Dada is the sun, Dada is the egg. Dada is the Police of the Police.



The Wall Street Journal's editorial page is one of the most intellectually depraved publications in the world. However, I can't help but agreeing with their take on the Hackett race:
...the more we hear about it, the more we think the Democrats are deluding themselves into believing, as the DCCC press release puts it, that the race is "an early sign of wide spread discontent with the Republican Congress around the country."

For one thing, it seems as though there are actually two Paul Hacketts. One is the Angry Left Bush hater, quoted this morning by the Media Research Center's Tim Graham on National Review Online:
And to the chicken-hawks out there that think that what I say about this administration is not representative to some large degree in the military, I say that this was only a shot over the bow. You had better wake up and smell the coffee, because we are minting young Democrats day by day in Iraq, and maybe it didn't happen in this election, but it's going to happen in many elections in the future.
The other is the one who appeared in this advertisement (link in WMV form), which opens with a clip of President Bush before switching to Hackett:
Bush: There is no higher calling than service in our armed forces.

Hackett: I agreed with that, and that's what led me to serve and fight with my Marines in Iraq. Those words are a part of me.

These young men and women--they get it. We're gonna help these people [Iraqis]. We're all over there because we think America is worth fighting for.

You take responsibility for your actions. I think Washington, D.C., needs more of that type of leadership. I'm Paul Hackett, I approved this message, and I respectfully ask for your vote on Aug. 2.
The ad does not mention that Hackett is a Democrat, and it leaves the viewer with the impression that he supports Bush and the war. At the same time, Republicans in Ohio have problems that are specific to the state ... Another Hackett TV ad, according to the Cincinnati Enquirer, accused Schmidt of having "willingly supported tax increases proposed by [Republican Gov. Bob] Taft."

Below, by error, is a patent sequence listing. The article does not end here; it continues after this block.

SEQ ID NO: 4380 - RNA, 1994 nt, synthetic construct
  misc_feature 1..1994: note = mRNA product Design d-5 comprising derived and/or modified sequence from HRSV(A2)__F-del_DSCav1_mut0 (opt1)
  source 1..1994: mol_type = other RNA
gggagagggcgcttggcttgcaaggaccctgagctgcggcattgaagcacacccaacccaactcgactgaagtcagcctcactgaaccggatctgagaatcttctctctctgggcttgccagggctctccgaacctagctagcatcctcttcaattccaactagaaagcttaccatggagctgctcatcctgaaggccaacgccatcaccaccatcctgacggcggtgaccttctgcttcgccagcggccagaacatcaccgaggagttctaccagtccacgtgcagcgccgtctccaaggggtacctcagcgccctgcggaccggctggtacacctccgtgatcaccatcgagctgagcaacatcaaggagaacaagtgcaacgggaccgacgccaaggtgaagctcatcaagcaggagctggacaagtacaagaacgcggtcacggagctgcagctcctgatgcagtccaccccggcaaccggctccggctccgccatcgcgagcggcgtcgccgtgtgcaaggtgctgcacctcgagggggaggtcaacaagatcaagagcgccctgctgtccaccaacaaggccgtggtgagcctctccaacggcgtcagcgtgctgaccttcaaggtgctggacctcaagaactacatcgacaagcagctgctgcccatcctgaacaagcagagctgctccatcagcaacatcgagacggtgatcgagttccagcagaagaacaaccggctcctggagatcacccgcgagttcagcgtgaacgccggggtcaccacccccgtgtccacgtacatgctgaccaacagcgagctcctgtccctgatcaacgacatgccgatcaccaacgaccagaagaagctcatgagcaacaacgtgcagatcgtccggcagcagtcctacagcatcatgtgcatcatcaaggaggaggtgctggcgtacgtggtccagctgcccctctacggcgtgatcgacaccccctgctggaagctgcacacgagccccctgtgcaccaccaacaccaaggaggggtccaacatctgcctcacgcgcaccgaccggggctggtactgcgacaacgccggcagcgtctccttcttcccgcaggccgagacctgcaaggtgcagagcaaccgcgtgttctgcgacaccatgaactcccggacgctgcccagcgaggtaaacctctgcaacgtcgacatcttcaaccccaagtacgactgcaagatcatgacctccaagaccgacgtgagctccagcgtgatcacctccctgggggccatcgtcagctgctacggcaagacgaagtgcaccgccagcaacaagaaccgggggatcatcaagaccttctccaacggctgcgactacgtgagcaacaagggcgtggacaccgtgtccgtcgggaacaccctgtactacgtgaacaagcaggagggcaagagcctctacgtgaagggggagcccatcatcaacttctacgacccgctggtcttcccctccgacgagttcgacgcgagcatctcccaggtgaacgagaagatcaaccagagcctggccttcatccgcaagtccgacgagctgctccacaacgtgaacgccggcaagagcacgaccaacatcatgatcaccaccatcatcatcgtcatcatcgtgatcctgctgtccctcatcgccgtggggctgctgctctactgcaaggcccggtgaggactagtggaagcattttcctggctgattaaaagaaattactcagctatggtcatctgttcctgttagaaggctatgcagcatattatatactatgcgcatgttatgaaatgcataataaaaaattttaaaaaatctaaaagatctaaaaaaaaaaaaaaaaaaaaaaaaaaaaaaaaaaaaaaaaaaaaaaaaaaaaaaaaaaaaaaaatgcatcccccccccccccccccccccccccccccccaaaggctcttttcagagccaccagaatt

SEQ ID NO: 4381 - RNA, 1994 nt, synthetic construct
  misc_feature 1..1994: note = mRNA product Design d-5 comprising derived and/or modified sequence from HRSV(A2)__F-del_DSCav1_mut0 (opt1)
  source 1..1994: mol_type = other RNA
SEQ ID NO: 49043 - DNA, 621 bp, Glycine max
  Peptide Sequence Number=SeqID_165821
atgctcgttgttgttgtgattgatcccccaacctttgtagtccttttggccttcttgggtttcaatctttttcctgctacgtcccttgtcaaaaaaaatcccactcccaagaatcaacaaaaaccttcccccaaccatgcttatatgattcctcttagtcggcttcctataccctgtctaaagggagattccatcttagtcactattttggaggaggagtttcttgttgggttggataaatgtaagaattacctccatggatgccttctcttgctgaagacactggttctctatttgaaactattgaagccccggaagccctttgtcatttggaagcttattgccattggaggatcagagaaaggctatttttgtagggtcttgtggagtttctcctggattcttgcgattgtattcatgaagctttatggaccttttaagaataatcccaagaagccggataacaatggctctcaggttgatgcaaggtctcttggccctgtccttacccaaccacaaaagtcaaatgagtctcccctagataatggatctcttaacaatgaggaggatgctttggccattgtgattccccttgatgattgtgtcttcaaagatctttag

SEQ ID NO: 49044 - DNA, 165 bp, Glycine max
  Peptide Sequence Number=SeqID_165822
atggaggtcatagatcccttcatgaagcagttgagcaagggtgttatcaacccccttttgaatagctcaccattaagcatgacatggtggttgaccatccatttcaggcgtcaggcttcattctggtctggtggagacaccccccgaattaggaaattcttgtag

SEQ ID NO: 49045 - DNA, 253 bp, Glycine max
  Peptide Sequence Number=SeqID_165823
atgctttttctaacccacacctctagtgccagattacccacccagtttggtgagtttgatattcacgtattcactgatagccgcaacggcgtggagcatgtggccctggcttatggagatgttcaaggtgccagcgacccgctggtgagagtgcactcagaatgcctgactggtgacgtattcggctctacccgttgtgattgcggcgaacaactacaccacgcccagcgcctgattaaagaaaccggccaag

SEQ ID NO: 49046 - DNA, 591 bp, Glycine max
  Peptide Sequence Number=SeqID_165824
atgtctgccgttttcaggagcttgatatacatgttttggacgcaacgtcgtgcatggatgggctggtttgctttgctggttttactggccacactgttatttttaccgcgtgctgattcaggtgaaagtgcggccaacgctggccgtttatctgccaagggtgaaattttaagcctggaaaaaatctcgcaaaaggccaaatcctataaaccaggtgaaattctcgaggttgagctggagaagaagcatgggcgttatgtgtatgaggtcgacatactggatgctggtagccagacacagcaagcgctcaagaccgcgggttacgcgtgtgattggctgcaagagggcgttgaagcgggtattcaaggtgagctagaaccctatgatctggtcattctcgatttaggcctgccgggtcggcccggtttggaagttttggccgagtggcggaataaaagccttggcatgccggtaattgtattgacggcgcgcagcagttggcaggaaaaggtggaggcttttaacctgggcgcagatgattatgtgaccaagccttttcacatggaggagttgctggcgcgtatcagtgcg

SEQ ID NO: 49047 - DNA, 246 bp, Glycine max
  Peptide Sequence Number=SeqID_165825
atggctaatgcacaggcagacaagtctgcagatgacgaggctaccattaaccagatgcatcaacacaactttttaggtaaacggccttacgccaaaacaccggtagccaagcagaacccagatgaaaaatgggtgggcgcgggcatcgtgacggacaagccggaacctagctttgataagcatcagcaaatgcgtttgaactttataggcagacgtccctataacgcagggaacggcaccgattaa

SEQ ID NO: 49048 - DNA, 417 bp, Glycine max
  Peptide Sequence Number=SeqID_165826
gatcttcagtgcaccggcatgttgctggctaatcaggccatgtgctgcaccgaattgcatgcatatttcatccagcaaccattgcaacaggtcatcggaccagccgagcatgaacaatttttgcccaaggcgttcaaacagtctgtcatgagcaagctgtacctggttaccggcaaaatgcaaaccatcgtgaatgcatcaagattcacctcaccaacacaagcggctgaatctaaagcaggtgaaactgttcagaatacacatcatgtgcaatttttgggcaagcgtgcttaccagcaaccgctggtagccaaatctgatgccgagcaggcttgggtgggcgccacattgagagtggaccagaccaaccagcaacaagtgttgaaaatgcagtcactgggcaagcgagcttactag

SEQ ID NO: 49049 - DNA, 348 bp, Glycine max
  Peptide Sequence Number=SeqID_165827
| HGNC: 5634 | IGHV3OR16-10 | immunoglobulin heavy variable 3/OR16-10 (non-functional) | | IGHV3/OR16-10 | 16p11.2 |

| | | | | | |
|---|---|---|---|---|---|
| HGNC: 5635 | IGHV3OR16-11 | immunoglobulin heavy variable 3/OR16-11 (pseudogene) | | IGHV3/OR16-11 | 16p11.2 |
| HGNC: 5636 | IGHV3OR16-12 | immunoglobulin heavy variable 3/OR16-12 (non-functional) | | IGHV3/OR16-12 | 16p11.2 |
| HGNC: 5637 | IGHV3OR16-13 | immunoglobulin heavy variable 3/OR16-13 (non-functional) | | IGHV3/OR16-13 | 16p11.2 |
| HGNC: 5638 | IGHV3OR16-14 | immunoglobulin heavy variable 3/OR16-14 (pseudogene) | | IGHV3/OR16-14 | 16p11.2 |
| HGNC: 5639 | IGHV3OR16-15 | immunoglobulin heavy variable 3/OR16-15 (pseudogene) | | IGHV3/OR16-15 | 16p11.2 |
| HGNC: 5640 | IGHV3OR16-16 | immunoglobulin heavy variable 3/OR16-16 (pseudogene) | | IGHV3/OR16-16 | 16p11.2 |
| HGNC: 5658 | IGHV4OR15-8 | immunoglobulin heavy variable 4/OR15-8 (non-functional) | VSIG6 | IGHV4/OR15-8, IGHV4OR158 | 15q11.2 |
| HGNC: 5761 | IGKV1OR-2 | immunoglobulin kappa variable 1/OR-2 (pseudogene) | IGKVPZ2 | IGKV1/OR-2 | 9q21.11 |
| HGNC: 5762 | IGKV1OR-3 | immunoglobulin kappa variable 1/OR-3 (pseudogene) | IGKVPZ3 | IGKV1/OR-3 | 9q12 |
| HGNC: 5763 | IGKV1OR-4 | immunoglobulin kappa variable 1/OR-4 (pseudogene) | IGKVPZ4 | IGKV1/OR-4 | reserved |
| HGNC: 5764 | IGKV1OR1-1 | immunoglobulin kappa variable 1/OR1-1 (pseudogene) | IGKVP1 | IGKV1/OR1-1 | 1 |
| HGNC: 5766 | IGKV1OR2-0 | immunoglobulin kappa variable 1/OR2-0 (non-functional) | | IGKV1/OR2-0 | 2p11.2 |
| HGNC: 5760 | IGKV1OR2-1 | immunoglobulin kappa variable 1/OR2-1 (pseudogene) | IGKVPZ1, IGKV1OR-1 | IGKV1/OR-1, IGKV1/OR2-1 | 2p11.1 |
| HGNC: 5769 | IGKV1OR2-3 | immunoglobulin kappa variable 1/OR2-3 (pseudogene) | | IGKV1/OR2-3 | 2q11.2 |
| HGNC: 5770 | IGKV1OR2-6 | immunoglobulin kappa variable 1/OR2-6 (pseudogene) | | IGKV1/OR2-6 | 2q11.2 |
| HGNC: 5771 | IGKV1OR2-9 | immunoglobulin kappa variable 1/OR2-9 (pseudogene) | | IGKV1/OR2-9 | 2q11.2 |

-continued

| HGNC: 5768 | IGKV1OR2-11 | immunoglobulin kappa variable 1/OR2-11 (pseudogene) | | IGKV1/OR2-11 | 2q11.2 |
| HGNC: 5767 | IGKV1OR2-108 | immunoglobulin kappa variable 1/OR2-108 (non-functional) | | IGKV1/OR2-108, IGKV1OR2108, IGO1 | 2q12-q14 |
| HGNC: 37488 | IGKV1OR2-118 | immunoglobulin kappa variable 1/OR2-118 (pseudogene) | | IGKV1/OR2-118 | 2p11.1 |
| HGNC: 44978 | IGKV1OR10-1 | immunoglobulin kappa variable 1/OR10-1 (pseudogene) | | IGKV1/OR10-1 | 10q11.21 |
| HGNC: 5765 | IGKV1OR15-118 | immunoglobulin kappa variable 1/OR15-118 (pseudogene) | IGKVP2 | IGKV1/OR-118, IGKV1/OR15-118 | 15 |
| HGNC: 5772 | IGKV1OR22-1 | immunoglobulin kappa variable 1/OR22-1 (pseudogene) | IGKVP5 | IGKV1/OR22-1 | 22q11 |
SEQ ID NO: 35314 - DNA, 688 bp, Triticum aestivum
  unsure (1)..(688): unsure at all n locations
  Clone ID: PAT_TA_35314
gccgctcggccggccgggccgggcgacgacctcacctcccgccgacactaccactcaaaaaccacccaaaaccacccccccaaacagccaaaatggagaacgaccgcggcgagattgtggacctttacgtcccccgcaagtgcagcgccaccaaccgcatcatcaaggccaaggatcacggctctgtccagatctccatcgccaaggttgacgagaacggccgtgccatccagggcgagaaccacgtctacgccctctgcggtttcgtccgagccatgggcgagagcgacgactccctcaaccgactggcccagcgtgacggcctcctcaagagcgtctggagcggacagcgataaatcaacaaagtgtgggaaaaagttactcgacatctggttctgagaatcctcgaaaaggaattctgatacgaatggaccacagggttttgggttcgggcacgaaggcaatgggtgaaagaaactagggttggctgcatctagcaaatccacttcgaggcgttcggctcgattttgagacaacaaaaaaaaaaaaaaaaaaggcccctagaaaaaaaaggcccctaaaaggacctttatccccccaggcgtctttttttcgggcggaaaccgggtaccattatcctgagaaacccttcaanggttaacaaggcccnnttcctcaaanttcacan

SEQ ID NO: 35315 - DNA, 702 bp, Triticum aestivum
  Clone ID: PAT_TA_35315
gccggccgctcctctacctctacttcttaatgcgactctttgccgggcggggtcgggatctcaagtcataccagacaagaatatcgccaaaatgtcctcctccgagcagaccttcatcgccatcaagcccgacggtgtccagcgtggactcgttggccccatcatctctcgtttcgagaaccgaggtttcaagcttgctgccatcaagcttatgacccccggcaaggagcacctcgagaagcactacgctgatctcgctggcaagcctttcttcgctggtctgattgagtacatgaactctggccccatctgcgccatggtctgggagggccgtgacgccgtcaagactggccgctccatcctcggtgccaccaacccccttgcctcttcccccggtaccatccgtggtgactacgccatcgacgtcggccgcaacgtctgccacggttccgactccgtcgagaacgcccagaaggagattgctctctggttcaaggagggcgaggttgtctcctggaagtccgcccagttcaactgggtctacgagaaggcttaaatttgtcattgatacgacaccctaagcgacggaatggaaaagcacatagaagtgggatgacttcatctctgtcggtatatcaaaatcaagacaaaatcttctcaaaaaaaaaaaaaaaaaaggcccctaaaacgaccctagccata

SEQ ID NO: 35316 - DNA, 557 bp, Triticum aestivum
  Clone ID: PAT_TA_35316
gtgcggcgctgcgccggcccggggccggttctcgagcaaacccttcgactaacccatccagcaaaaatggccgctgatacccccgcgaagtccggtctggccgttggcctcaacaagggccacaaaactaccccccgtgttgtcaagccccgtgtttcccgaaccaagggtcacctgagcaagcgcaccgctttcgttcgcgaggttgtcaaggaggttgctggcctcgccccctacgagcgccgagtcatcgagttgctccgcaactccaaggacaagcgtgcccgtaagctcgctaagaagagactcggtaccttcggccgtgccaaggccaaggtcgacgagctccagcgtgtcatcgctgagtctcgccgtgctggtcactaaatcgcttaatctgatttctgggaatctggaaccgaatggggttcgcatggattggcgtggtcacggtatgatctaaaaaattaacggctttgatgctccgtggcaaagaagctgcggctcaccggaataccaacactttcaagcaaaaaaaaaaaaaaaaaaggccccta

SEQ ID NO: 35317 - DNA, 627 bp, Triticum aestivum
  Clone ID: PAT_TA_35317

Hackett, in other words, came close to winning by pretending to be a supporter of President Bush and the war while attacking Schmidt as a tax hiker. Good for him, but as reader Larry Smiley asks, "If a Democrat has to hide what he believes to achieve near-success, how can this be a bellwether for Democratic causes nationwide?"
A lot of Democrats seem to be stricken with a bizarre disease whereby they are constantly convinced that victory is just around the corner. Many Democrats last year were utterly convinced that not only a Kerry victory but a Kerry landslide was in the cards. Ruy Teixeira, he of "The Emerging Democratic Majority," probably has the worst case. Even marginally positive developments are seen as evidence of an impending sea change in the political landscape.

Such wishful thinking does us no good; it only causes us to paint a much rosier picture than the facts dictate. We are supposed to be the "reality-based community," after all - and reality is not always the bearer of good tidings.

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